By a show of hands, who is on Instagram for the sole purpose of looking at delicious food pictures?
I’m guilty for sure (and have often scolded myself for idly perusing social media late at night when I should be thinking about things a little more conducive to house-cleaning). Even if your intentions aren’t as ambitious as wanting to be a professional food photographer, most of us could stand to gain a few pointers on how to take better food photos.
I am by no means a professional, but when I teamed up with California Restaurant Month to talk about their Dine On Us In CA Contest, we thought it’d be fun to share a few of the tips on how to make your food photos really shine– whether you’re dining at a CA restaurant or just enjoying a quaint homemade meal. And just to be extra thorough I thought I’d throw in some of my favorite advice from some of my favorite food bloggers as well!
Focus on Lighting
For me the key tip that I’ve learned is that natural lighting is everything. If you’re dining in a restaurant, try to nab a seat by a window so you can capture it in the right light. If you’re at home, take your dish outside!
Natural light rules, so get outside if you can or find a window in your house that gets lots of natural light. Using a white object, like a white cloth towel, is very helpful, it helps make the food pop. Props don’t have to be expensive, look around your house for simple items like old, stained cookie sheets or crumple up a piece of parchment paper to add some texture to your background. Emily, http://www.recipestonourish.com
Turn the flash off and get your food by a window for lighting. Focus on the simplicity of the ingredients – real food is beautiful without a bunch of props and fuss. Renee, http://www.raisinggenerationnourished.com @reneekohley
Just keep moving
Not only is getting the right amount of light necessary, but once you have that part down you may want to play around with angles as well. If you’re sitting near a window, try moving around in different spots so that you can see how the rays of light effect the picture.
Pay attention to the direction of light. Light from the back, side, and front all give a different look. Front light tends to make food look flat. Take something simple, like a piece of fruit, and take photos from different directions to experiment with light. Practice is the best way to learn! Naomi, http://www.almostbananas.net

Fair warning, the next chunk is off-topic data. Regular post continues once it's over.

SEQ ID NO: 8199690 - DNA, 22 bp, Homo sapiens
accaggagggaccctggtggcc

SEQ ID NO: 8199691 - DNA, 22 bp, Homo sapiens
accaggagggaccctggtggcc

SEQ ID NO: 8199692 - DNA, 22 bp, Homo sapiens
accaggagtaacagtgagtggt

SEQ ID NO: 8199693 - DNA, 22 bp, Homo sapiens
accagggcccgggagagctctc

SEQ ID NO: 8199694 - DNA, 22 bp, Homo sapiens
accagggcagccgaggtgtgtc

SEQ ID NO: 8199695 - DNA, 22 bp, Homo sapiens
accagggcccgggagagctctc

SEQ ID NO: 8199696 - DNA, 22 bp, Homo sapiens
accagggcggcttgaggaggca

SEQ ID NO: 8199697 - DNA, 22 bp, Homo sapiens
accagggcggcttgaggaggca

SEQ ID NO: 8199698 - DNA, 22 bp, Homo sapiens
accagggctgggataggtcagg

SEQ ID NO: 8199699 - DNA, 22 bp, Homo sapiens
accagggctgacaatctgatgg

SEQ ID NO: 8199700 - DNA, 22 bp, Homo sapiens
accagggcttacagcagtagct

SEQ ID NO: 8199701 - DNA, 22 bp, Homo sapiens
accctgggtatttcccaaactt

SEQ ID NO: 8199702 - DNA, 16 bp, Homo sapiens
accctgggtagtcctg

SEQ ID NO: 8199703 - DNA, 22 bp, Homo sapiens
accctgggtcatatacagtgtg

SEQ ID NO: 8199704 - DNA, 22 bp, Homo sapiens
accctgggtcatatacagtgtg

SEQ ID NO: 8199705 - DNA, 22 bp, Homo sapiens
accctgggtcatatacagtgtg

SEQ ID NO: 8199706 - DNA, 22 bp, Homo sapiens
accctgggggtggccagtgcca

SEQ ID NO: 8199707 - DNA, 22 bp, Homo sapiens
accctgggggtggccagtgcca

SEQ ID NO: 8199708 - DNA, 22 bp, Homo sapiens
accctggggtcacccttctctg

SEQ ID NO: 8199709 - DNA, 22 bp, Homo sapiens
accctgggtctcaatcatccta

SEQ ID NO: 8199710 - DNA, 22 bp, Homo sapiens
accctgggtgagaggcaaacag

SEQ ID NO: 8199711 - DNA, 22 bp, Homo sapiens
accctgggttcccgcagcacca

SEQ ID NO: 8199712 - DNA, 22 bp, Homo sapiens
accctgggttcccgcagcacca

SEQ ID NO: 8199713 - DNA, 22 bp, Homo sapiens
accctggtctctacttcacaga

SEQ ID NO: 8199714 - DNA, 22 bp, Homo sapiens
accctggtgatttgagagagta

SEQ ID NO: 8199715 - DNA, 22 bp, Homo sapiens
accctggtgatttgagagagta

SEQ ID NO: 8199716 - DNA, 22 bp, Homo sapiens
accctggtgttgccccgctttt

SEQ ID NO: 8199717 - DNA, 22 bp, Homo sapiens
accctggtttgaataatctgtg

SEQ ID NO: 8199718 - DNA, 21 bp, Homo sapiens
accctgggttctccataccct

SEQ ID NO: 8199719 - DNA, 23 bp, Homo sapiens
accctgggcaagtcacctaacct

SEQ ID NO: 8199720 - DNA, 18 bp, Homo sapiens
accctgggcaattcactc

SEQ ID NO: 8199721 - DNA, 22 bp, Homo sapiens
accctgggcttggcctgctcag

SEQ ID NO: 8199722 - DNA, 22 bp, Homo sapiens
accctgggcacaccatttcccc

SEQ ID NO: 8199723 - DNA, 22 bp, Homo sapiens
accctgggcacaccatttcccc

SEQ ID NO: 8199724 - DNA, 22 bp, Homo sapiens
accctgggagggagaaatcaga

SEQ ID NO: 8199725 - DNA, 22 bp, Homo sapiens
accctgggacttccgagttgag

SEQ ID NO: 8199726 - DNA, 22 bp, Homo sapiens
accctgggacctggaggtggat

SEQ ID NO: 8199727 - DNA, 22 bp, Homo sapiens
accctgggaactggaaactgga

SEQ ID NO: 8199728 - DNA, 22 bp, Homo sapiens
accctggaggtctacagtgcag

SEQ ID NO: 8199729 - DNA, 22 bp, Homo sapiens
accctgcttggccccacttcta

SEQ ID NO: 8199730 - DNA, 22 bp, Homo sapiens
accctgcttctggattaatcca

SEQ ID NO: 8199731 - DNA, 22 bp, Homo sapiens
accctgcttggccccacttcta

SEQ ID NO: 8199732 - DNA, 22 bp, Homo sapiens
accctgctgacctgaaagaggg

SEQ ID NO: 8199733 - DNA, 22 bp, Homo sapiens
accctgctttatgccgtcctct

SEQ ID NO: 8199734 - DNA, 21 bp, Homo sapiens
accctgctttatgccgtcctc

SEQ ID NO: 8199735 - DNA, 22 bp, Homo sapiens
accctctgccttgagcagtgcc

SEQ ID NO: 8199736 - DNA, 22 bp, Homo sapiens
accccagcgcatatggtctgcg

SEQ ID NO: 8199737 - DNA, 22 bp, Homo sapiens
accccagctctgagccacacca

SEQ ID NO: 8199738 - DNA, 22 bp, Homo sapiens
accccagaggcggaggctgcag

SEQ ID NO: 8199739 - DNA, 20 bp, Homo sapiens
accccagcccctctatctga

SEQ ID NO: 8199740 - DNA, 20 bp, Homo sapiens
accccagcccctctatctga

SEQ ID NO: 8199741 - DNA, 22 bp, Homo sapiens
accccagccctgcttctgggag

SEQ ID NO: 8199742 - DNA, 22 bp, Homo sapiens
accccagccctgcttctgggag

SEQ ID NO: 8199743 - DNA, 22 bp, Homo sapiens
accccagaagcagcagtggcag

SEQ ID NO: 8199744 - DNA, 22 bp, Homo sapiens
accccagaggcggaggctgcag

I spend a lot of time standing, kneeling, bending, climbing and jumping. Well, I don’t actually do any jumping, but you get the idea. Oftentimes the setup and position that I begin with isn’t the one that I use in the final product.
Take lots of pictures at all different angles and use the best. Heather http://thehomesteadinghippy.com @homesteadhippy
Focus on the food
Accessories are great when you see them in food magazines, but for the amateur you should just try to keep it simple. And simplicity usually means close shots of dishes and not a lot of background clutter. A simple towel or cutting board can go a long way, but skip any flashy accessories that may detract from what you’re trying to capture: beautiful, fresh food.
Keep it simple. When setting up the space where the photograph will be taken, make sure there is nothing in the background that will distract from the food you are photographing. A white or black sheet behind the dish is best, keeping the viewers eye one the object you want them to see. Alyssa http://www.puretraditions.com @puretraditions
Food doesn’t have to be complicated, as we discussed above, but throwing in little pops of color with things like fresh herbs or ribbon really makes a photo feel complete. Just remember to keep your garnishes natural.
Think about presentation. You may have the tastiest dish in town, but if it looks like a pile of mush, no one will believe you. Are you photographing a puréed soup? Add some fresh herbs for interest. Are you photographing a chickpea salad? Artfully arrange it on a bed of mixed greens. Going the extra mile is always worth it. Denine,www.weknowstuff.us.com
And here’s a bonus tip from my friend Raia. Winter is a killer for many of us food bloggers because the sun sets so early, but it’s really best to photograph food when it’s fresh (unless you have a professional light setup, which isn’t really necessary for the average photo hobbyist!)
Reheated food is unappetizing in photos. Always take your shots when your food is freshly prepared! Raia, http://raiasrecipes.com/@raiatorn